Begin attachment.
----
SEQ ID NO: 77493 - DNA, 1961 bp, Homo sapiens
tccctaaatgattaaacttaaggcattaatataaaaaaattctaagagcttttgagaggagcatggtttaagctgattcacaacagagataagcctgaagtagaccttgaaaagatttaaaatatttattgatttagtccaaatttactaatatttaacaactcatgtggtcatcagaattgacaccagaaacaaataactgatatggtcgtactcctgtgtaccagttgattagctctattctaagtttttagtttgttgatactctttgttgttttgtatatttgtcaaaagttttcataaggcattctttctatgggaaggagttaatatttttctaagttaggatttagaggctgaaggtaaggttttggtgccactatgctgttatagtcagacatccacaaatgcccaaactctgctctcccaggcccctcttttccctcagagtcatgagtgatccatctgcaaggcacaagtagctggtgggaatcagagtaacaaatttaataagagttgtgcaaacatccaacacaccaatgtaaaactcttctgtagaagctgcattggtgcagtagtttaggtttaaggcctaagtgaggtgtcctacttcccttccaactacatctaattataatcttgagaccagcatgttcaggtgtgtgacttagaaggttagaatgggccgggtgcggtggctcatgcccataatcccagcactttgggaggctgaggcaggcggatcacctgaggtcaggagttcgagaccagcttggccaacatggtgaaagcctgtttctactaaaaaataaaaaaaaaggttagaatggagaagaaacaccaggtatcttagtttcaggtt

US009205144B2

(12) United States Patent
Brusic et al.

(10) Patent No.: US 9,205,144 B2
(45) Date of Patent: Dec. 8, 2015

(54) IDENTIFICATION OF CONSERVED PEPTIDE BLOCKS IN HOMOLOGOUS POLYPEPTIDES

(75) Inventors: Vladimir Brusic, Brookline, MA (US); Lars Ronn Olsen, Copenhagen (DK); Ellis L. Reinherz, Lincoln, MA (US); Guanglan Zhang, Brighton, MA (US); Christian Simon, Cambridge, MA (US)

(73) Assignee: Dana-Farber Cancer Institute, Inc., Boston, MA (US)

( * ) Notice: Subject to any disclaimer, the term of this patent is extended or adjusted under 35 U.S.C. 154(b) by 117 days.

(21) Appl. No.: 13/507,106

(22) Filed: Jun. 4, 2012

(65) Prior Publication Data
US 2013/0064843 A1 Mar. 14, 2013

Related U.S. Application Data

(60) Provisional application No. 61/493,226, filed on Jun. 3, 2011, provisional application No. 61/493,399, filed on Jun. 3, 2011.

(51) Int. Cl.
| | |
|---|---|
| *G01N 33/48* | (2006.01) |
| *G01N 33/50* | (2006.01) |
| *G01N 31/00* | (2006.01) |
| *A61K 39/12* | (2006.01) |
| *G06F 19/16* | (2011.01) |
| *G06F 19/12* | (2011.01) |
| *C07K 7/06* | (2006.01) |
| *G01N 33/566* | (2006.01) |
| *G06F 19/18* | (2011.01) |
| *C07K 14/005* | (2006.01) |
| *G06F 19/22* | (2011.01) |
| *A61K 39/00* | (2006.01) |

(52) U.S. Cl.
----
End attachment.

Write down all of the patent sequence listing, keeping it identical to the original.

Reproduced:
SEQ ID NO: 77493 - DNA, 1961 bp, Homo sapiens
tccctaaatgattaaacttaaggcattaatataaaaaaattctaagagcttttgagaggagcatggtttaagctgattcacaacagagataagcctgaagtagaccttgaaaagatttaaaatatttattgatttagtccaaatttactaatatttaacaactcatgtggtcatcagaattgacaccagaaacaaataactgatatggtcgtactcctgtgtaccagttgattagctctattctaagtttttagtttgttgatactctttgttgttttgtatatttgtcaaaagttttcataaggcattctttctatgggaaggagttaatatttttctaagttaggatttagaggctgaaggtaaggttttggtgccactatgctgttatagtcagacatccacaaatgcccaaactctgctctcccaggcccctcttttccctcagagtcatgagtgatccatctgcaaggcacaagtagctggtgggaatcagagtaacaaatttaataagagttgtgcaaacatccaacacaccaatgtaaaactcttctgtagaagctgcattggtgcagtagtttaggtttaaggcctaagtgaggtgtcctacttcccttccaactacatctaattataatcttgagaccagcatgttcaggtgtgtgacttagaaggttagaatgggccgggtgcggtggctcatgcccataatcccagcactttgggaggctgaggcaggcggatcacctgaggtcaggagttcgagaccagcttggccaacatggtgaaagcctgtttctactaaaaaataaaaaaaaaggttagaatggagaagaaacaccaggtatcttagtttcaggtt

US009205144B2

(12) United States Patent
Brusic et al.

(10) Patent No.: US 9,205,144 B2
(45) Date of Patent: Dec. 8, 2015

(54) IDENTIFICATION OF CONSERVED PEPTIDE BLOCKS IN HOMOLOGOUS POLYPEPTIDES

(75) Inventors: Vladimir Brusic, Brookline, MA (US); Lars Ronn Olsen, Copenhagen (DK); Ellis L. Reinherz, Lincoln, MA (US); Guanglan Zhang, Brighton, MA (US); Christian Simon, Cambridge, MA (US)

(73) Assignee: Dana-Farber Cancer Institute, Inc., Boston, MA (US)

( * ) Notice: Subject to any disclaimer, the term of this patent is extended or adjusted under 35 U.S.C. 154(b) by 117 days.

(21) Appl. No.: 13/507,106

(22) Filed: Jun. 4, 2012

(65) Prior Publication Data
US 2013/0064843 A1 Mar. 14, 2013

Related U.S. Application Data

(60) Provisional application No. 61/493,226, filed on Jun. 3, 2011, provisional application No. 61/493,399, filed on Jun. 3, 2011.

(51) Int. Cl.
| | |
|---|---|
| *G01N 33/48* | (2006.01) |
| *G01N 33/50* | (2006.01) |
| *G01N 31/00* | (2006.01) |
| *A61K 39/12* | (2006.01) |
| *G06F 19/16* | (2011.01) |
| *G06F 19/12* | (2011.01) |
| *C07K 7/06* | (2006.01) |
| *G01N 33/566* | (2006.01) |
| *G06F 19/18* | (2011.01) |
| *C07K 14/005* | (2006.01) |
| *G06F 19/22* | (2011.01) |
| *A61K 39/00* | (2006.01) |

(52) U.S. Cl.